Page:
Photo: Air Canada
MONTREAL -- Quebec’s aerospace industry is growing at a rapid pace, and provincial leaders are determined to capture a larger percentage of the world market.
Burgeoned by Airbus’ expanding presence, industry sales in the province reached $15.3 billion CAD ($11.4 billion USD), a 6.3 percent increase from the previous year, according to Pierre Fitzgibbon, Quebec’s minister of economics and innovation. Employment in the aerospace sector also rose 3.4 percent over the previous year, now at 42,000 — with small-to-medium sized businesses accounting for much of the growth.
“These numbers … paint a picture of a healthy, growing industry. All signs point in the right direction,” Fitzgibbon said April 15 at International Aerospace Week in Montreal. “Quebec’s aerospace industry is a source of great pride that puts our talent on the world stage. Aerospace is in Quebec’s DNA.”
Three foreign companies also announced investments in the Greater Montreal area at the conference.
Advanced Powders & Coatings, a GE Additive company specializing in the production of metal powders for use in additive manufacturing, is expanding its operations in the region to support Canada’s “Industry 4.0” initiative to expand the domestic use of advanced manufacturing technologies.
TMC Global, an engineering, technology and scientific services company based in the Netherlands, intends to open its North American headquarters in Montreal and another office in New York City.
The Institut de Recherche Technologique (IRT) Saint Exupéry, headquartered in Toulouse, France — also home to Airbus — is opening a “specialized outpost” in Montreal that will work on AI projects applied to ground and air transportation.
In 2017, Airbus announced a partnership with Bombardier to rescue its struggling C-series airliners. The Quebecois manufacturer had invested billions in developing the cutting-edge planes to compete with Boeing’s 737 MAX line, but didn’t have the financial resources, sales power or supply chain infrastructure to bring that R&D investment to fruition (and profitability). Airbus acquired a 50.01 percent majority stake free of charge, but brought to the table a vast array of solutions and resources.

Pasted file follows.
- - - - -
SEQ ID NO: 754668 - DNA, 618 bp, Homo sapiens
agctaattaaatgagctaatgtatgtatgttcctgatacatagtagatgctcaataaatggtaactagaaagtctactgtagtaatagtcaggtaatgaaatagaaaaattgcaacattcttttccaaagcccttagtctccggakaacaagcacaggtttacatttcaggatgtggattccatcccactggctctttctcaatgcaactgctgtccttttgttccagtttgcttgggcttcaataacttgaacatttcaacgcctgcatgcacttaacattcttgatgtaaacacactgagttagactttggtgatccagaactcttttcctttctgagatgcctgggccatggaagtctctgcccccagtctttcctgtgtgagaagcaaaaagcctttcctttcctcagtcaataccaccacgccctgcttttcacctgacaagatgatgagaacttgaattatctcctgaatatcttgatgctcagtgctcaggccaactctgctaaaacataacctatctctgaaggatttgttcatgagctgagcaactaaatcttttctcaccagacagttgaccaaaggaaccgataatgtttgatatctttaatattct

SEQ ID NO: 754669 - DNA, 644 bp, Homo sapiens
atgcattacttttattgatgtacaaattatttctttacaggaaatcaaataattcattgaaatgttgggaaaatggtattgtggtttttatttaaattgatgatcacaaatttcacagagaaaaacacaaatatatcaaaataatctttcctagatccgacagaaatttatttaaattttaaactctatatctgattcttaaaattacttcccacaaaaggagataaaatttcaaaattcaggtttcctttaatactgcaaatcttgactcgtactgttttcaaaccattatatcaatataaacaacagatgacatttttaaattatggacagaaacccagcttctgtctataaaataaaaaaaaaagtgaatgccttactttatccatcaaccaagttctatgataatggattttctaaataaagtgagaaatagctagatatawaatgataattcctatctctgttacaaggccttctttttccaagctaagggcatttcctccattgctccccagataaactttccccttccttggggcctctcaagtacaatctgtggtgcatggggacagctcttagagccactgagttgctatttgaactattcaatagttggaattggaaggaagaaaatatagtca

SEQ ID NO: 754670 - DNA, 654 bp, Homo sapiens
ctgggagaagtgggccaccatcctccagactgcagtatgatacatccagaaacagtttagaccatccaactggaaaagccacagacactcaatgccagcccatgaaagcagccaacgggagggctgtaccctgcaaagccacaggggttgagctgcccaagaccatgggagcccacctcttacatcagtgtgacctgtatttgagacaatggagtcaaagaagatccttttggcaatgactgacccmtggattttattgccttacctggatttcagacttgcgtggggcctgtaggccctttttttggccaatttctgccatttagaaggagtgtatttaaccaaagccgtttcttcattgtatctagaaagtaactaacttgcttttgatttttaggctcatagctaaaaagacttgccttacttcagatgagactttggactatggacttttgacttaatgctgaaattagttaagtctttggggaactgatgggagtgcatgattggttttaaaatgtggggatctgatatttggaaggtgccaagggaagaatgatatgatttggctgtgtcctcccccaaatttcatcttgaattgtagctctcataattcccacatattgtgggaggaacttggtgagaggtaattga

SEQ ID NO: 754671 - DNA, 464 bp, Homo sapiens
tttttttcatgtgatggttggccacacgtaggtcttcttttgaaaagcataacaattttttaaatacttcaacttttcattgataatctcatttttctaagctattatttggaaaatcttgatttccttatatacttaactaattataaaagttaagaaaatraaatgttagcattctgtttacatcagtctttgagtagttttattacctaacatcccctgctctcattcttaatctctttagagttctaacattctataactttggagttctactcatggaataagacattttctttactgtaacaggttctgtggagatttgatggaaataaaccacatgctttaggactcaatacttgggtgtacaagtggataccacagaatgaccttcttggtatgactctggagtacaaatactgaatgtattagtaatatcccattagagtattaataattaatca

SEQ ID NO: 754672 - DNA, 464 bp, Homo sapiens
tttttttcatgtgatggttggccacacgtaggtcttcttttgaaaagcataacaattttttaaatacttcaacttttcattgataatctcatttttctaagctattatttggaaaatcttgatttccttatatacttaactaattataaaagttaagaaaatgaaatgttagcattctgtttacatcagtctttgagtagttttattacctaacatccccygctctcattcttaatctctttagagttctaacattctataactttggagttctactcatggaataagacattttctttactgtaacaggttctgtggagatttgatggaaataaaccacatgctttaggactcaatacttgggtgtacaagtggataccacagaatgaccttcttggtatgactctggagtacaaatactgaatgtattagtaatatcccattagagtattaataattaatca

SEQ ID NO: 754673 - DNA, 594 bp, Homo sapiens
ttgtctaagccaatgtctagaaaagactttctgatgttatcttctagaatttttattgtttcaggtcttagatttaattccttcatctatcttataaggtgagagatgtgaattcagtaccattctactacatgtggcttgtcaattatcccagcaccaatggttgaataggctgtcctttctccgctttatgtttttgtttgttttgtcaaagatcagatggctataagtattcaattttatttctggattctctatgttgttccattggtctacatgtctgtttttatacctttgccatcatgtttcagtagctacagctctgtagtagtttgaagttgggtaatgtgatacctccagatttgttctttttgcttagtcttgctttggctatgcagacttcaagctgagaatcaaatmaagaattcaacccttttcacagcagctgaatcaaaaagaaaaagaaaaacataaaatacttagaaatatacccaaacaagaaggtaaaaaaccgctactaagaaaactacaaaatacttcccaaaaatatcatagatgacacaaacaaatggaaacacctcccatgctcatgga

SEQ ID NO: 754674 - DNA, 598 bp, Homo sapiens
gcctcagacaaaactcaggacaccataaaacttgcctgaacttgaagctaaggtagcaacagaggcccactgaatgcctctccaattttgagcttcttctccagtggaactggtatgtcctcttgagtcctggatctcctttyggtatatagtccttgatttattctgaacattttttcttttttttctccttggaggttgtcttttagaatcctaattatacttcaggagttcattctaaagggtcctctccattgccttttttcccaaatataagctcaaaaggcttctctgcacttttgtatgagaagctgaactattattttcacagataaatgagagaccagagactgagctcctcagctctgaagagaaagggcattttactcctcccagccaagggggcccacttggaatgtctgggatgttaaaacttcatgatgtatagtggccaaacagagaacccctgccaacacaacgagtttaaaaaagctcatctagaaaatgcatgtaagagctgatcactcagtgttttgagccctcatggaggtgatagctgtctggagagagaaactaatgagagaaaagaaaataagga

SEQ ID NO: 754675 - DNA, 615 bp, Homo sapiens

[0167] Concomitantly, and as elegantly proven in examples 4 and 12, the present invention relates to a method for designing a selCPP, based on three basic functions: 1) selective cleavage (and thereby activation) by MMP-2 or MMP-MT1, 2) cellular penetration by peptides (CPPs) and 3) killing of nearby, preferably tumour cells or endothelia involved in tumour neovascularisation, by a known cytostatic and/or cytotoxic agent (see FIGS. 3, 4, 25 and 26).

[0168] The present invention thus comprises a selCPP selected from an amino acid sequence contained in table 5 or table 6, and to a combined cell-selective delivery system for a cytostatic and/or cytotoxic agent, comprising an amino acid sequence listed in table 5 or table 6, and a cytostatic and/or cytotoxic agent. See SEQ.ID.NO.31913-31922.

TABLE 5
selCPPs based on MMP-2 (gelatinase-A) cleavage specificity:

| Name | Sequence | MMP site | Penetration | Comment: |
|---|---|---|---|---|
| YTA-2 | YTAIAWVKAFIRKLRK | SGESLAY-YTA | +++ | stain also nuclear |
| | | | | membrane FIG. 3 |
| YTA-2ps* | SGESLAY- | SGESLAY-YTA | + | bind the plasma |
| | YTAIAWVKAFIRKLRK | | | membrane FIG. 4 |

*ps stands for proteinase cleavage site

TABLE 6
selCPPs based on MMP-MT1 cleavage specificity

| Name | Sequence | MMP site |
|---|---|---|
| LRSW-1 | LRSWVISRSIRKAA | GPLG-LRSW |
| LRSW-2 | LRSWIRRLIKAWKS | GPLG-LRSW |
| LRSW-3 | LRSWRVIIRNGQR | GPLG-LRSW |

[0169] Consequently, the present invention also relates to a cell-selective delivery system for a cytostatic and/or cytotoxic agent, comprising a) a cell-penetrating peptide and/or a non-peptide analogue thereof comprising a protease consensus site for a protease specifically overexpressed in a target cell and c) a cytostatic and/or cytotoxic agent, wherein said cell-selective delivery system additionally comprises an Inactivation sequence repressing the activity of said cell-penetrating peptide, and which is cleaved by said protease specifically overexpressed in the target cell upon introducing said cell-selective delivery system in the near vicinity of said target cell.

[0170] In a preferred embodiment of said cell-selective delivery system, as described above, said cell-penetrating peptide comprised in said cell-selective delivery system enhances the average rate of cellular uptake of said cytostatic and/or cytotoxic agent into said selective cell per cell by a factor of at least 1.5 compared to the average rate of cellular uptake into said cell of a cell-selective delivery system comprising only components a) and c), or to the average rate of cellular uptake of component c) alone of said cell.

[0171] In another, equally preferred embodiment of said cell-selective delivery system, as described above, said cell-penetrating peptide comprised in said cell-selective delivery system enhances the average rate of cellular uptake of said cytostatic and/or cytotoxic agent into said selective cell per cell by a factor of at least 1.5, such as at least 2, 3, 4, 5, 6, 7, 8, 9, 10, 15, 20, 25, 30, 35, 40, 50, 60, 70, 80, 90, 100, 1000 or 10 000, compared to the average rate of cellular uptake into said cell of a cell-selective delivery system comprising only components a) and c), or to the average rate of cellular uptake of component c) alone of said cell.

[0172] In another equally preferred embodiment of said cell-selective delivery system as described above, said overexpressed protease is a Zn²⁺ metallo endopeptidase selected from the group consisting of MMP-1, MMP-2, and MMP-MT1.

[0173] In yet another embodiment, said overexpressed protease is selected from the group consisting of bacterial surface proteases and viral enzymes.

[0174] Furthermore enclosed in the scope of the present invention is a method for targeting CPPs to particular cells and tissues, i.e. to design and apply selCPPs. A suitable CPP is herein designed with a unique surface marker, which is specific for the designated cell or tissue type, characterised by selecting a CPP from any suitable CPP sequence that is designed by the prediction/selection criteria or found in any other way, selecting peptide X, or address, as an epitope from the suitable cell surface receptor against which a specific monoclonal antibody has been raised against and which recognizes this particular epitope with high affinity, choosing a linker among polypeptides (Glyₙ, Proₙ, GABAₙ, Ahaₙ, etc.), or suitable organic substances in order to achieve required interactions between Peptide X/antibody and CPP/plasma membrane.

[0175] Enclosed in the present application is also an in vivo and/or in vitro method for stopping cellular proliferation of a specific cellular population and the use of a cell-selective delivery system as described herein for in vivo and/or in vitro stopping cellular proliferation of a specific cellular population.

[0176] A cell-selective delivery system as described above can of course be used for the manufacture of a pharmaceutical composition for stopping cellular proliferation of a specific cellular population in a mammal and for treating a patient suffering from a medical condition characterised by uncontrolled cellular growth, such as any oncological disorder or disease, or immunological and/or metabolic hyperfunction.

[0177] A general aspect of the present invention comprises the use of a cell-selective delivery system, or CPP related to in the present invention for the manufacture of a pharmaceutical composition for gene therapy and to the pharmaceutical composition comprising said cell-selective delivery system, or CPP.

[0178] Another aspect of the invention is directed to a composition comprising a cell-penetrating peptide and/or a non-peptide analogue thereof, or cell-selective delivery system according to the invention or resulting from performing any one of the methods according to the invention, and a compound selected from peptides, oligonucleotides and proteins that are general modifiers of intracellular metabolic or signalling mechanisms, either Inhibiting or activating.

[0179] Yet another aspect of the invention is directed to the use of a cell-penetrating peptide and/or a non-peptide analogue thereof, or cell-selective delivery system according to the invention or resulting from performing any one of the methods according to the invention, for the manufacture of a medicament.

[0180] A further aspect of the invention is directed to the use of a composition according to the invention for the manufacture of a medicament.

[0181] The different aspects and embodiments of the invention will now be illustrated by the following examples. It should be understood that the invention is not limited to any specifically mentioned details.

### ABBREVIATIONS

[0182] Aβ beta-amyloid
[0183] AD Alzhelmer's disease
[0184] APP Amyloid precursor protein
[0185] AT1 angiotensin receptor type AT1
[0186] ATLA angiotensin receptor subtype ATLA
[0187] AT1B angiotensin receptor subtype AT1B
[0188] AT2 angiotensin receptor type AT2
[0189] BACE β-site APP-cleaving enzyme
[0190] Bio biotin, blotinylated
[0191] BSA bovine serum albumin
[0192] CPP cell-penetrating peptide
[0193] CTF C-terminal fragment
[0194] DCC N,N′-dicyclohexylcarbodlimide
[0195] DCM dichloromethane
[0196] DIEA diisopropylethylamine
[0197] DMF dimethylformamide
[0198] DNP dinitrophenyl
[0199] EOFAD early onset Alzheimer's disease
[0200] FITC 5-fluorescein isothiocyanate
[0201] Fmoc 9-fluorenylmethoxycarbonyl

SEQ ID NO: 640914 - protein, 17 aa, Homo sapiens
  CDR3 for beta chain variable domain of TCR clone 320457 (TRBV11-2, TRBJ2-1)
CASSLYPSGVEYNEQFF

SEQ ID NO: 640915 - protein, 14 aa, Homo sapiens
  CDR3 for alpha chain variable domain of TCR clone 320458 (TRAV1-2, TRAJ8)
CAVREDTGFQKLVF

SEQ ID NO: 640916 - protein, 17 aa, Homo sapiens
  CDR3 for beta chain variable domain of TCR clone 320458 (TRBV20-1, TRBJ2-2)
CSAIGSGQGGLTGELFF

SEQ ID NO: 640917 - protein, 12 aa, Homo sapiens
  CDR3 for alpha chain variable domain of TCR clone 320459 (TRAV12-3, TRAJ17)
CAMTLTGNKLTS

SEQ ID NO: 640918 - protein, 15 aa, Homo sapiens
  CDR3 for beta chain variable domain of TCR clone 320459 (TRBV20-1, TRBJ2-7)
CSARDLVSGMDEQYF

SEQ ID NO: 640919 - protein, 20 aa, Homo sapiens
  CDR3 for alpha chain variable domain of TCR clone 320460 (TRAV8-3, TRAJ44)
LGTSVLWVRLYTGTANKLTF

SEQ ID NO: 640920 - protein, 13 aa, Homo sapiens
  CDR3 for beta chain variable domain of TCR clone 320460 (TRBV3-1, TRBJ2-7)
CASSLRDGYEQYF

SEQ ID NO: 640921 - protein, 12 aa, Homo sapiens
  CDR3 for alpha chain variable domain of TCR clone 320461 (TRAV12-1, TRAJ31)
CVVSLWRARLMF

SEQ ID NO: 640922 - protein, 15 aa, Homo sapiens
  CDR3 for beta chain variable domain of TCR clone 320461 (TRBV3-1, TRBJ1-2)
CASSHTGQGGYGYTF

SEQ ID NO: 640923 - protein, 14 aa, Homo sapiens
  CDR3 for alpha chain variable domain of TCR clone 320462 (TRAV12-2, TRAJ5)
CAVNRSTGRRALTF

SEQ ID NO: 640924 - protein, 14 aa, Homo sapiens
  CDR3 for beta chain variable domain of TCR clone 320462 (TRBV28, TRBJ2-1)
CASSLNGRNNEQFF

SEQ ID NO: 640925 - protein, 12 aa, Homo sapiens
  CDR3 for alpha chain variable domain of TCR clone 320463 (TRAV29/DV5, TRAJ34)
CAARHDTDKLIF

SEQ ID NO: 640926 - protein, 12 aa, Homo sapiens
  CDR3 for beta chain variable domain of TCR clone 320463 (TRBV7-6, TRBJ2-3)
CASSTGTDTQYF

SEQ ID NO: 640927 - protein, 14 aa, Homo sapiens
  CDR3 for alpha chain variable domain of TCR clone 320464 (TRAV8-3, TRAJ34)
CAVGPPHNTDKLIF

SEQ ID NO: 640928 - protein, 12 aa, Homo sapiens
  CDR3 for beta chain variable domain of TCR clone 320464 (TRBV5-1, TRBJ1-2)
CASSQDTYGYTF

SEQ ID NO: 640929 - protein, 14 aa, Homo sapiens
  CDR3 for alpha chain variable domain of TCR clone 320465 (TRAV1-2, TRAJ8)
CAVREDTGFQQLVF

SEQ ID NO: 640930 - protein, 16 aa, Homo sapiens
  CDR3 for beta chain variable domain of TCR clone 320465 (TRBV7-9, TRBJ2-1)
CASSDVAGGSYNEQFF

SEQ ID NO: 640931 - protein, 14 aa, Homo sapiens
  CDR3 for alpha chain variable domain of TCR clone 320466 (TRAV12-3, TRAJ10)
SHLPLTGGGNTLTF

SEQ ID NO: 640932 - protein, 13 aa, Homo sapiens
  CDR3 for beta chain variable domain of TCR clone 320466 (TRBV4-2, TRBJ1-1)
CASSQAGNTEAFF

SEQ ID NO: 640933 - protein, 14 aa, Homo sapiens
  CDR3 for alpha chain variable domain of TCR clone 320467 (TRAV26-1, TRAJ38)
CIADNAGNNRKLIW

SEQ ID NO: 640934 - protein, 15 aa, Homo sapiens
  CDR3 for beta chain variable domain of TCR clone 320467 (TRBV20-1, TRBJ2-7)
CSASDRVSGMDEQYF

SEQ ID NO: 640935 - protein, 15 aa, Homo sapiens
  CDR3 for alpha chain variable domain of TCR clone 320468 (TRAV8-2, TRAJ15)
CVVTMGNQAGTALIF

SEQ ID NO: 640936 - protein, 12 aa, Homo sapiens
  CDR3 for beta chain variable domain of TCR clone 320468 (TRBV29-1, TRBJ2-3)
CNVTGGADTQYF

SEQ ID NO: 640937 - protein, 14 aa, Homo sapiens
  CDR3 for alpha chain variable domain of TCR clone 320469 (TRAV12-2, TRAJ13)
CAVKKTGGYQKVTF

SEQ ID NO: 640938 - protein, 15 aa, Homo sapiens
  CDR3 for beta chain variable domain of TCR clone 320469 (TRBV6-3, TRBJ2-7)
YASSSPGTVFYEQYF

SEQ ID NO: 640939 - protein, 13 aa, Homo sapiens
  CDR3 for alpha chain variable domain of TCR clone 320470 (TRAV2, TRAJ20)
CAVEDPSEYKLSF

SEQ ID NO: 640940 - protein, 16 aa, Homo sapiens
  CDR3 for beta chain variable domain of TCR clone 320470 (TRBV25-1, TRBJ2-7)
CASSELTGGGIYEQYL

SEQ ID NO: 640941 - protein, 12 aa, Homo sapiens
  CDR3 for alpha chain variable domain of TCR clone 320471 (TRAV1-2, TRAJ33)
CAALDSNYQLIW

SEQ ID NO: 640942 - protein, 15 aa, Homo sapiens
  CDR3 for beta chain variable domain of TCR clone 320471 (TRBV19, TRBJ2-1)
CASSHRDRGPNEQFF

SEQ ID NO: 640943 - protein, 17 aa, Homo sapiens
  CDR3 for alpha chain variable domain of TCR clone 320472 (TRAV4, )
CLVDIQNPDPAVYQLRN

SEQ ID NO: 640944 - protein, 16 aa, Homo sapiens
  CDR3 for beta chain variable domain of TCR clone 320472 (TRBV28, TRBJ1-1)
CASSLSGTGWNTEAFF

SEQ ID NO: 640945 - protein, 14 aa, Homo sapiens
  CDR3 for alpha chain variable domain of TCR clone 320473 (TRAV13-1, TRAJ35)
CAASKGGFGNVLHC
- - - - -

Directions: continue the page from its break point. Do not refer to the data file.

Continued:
Airbus also brought significantly more investment and opportunity to Quebec.
“Through its presence, Airbus strengthens the ability of our industry to attract major international players who will come here to form new partnerships and facilitate access to Quebec’s supply chain for the extensive family of Airbus products,” Fitzgibbon said. “We can already see a significant ripple effect created by this partnership. I am convinced of its benefit to Quebec’s economy and for the growth of our aerospace industry.”
Through continuing investment in the aerospace cluster, Quebec officials hope to capture a greater percentage of domestic contracts and become an integral part of the supply chain for international Tier 1 manufacturers.
“I think that’s how we start,” Fitzgibbon told reporters. “We need to strengthen our [supply] chain. As strong as our supply chain will become, we will be able to export more, likely perhaps having the Tier 1s to come here. As we did with Airbus.”
Fitzgibbon made his ambitions for Quebec’s aerospace industry clear.
“Maybe we will become Toulouse 2.”